The temperature of the Shari is kept at the perfect level, accentuating the flavor of each sushi ingredient.
You can compare this to the use of perfume; when sprinkled on a piece of paper, the scent is flat, but when its sprayed on the female skin, the body temperature gives the scent more depth and color, permeating the surrounding air.
The same goes for sushi, where the Shari kept at the optimum temperature helps accentuate the flavor of the fish, when joined together.
The flavor is not too strong, but softly approaches every time you chew into the sushi.
It’s the type of flavor that brings a gentle smile to your face, rather than making you jump out of your seat and shout out loud.
By the time you step out of the shop, you’ll be filled with an unexplainable sensation of joy.
By the way, Takaoka cites ‘Hashiguchi’ as his favorite sushi restaurant .
The sushi of Takaoka is not expected to be similar in type to that of ’Hashiguchi’, but if you like sushi, let's assert positively that it is worth experiencing the sushi of Takaoka once.
In my opinion, Takaoka is a very stubborn man.
The manner of his talk and the atmosphere he creates is very gentle, yet parts of his words tell how he has a very strong will and philosophy behind his craft.
Like his sushi, he delivers each word very carefully even when conversing with the customer, where he emphasizes his way of thinking every step of the way.
Of course, if you’re not stubborn and rigorous about your craft, you would never be able to open such an elegant and successful shop in Chiba.
Or limit the capacity of your shop to 6 seats.
Or rent an entire rice field just for your shop.
Or specifically use the water only from the spring adjacent to the rice field.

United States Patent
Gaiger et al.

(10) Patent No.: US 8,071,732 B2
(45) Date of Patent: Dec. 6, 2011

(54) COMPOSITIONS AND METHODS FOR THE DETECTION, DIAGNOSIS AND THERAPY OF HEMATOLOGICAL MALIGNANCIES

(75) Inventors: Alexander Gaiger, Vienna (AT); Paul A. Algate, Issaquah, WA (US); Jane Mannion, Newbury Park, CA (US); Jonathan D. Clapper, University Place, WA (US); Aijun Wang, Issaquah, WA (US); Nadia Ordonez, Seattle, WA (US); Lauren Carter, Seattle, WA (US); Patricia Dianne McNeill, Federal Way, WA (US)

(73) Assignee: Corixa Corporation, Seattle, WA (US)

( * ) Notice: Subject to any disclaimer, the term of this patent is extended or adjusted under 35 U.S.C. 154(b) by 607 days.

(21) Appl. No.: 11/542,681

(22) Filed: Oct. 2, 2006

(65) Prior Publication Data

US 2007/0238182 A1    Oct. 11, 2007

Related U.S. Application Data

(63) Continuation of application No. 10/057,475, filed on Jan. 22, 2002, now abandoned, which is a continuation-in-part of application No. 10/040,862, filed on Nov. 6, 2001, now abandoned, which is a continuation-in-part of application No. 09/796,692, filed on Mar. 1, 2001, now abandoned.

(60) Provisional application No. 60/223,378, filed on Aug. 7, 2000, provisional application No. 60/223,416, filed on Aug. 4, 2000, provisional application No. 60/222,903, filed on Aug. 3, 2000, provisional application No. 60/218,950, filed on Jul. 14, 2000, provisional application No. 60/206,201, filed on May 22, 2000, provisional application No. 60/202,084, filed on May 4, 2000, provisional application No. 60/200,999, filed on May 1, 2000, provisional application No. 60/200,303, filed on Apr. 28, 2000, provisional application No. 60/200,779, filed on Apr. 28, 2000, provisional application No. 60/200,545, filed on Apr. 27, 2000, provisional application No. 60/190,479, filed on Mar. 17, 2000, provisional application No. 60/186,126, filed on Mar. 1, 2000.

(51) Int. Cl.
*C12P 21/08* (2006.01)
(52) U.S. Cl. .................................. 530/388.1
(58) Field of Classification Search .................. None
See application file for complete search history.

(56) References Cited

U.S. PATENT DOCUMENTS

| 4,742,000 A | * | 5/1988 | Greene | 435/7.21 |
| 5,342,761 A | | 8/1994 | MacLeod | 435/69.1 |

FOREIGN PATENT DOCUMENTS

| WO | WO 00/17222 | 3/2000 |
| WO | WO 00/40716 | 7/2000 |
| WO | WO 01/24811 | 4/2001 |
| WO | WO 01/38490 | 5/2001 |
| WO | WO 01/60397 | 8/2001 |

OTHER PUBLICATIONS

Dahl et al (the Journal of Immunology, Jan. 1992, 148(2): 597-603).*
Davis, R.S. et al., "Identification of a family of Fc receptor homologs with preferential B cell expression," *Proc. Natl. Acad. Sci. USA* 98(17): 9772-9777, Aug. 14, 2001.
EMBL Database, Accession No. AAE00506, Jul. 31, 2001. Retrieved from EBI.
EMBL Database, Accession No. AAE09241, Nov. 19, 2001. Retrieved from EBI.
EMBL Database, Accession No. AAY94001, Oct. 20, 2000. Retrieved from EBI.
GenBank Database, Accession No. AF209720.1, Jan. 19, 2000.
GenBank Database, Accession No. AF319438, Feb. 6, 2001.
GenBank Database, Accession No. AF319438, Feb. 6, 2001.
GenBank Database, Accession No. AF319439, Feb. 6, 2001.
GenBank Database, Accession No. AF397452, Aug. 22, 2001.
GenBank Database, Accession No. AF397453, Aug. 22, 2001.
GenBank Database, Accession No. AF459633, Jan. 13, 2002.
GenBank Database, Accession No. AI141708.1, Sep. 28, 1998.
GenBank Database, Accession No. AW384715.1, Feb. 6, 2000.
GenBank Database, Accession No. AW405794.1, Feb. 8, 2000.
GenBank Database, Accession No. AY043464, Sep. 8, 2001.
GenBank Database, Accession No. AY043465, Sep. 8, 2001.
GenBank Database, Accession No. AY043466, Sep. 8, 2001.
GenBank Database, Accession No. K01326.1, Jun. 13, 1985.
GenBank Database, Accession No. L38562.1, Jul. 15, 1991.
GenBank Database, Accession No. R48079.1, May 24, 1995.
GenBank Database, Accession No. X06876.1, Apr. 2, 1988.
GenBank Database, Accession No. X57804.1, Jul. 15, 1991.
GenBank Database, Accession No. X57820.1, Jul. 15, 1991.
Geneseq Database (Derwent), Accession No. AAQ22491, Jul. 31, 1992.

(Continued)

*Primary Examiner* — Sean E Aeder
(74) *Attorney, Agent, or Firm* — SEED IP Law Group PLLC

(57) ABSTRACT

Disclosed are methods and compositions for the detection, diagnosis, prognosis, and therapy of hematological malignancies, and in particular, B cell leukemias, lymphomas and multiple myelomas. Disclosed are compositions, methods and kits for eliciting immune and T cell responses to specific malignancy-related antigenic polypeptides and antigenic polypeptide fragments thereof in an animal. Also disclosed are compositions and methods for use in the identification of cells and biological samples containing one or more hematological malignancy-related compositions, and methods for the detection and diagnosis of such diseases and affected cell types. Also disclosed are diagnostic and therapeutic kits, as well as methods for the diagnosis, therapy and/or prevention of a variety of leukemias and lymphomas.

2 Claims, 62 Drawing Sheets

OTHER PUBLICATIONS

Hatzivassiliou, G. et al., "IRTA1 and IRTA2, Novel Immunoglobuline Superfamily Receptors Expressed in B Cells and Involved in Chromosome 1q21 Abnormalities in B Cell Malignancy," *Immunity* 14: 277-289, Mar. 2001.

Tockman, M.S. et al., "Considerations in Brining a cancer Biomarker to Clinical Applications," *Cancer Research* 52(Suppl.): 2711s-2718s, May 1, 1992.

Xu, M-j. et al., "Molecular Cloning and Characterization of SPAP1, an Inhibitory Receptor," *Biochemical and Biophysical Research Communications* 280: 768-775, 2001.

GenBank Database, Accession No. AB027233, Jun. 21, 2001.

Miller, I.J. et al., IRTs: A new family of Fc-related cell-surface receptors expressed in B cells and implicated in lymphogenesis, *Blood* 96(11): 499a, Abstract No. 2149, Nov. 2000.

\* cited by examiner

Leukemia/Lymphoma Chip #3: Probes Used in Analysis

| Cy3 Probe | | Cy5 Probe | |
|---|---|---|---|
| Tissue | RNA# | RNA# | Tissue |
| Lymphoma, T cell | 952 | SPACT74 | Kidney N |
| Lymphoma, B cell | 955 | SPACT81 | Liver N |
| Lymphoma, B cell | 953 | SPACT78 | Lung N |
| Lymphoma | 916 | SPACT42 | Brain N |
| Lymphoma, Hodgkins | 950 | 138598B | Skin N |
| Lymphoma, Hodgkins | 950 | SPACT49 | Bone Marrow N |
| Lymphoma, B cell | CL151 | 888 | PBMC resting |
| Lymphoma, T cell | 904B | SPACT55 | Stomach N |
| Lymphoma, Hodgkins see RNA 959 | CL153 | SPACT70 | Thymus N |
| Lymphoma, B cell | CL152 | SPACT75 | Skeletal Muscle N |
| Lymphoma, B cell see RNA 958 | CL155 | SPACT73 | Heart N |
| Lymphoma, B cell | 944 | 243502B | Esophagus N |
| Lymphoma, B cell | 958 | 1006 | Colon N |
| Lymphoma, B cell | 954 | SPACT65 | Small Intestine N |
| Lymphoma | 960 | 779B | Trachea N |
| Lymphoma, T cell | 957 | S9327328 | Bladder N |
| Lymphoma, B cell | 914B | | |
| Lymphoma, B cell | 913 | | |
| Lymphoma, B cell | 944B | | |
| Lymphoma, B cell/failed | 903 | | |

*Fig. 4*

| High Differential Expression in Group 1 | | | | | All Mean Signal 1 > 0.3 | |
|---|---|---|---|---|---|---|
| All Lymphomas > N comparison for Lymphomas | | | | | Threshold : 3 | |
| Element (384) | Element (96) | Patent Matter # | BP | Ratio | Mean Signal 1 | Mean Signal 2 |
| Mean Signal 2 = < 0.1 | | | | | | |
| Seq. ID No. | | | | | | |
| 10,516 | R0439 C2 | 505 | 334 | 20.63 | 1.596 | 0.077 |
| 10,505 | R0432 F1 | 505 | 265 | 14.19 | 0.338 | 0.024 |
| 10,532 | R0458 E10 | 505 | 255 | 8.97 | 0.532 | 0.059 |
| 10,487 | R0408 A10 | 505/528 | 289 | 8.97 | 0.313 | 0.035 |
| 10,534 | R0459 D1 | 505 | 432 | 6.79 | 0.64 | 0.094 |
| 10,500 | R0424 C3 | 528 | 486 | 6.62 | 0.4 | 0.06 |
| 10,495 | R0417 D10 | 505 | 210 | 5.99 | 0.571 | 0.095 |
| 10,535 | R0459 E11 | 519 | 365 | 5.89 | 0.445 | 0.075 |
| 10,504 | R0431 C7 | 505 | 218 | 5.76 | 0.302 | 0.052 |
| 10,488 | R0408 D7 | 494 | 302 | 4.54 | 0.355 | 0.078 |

Or only use the best quality ingredients.
Or use only Bincho-coal when broiling mackerel.
The series of such specific detail is the very ‘reason’ I recommend this place so much to others.
Unlike many other restaurants run by fresh young chefs, ‘Takaoka’ is actually built on a solid principle and long-term vision.
I am always impressed of how he tries hard to realize his ideal self.
This is exactly why I would travel all the way to Chiba from Tokyo; to witness this man’s quest to achieve his goal.
The last and the foremost reason why people are attracted to Takaoka is his passion.
His passion exceeds all other.
For example, say you ask him about the specific ingredient he used for the day.
Takaoka would always answer you with every specific detail of the history of the ingredient.
He talks about it so happily that makes you happy as well, where his passion transcends to you through his talk.
He also always talks positively about the fish brokers he deals with.
I’ve heard him mention the word ‘fish brokers’ at least 13 times when he was asked about where he purchases the ingredients.
His respect for the fish brokers as a professional and his passion for the art of sushi is the reason why he is able to purchase the best ingredients in the market.
As a seeker of the way of sushi, he has visited at least 400 other sushi shops in the country.
His brain is packed with the knowledge of sushi, almost like a digital database.
If you’re a sushi lover, you’ve found your soul mate.
The best of all is how he is still aspiring to improve.
Even when the customers complement him of his great work, he would always reply ‘There are so many young talented chefs out there. They stimulate and influence me in every way. I am still learning.’
You can tell that he would continually be reaching a higher level in the future.
When exiting the restaurant, Takaoka would give you a refreshing smile that would almost make you blush.
His character makes me want to travel again to his shop.
I took out my iPhone and while reminiscing about the wonderful time I spent at Takaoka, I joyfully sang the tune, “A Thousand Miles’ by Vanessa Carlton.
Blogger. Sushi geek.
By coincidence, he became fascinated by the world of Edomae-style Sushi.
Where exactly is the best sushi restaurant in Japan?"
In 2016, to answer that question, he decided to embark on a quest to discover the "No.1 Sushi Restaurant".
He traveled everywhere, dining at one famous sushi restaurant after another, and his restaurant reviews - combining personal observations with his actual experiences - caused a sensation among Japanese foodies.
He fell in love with some particular restaurants along the way, and still visits to enjoy their lip-smacking sushi.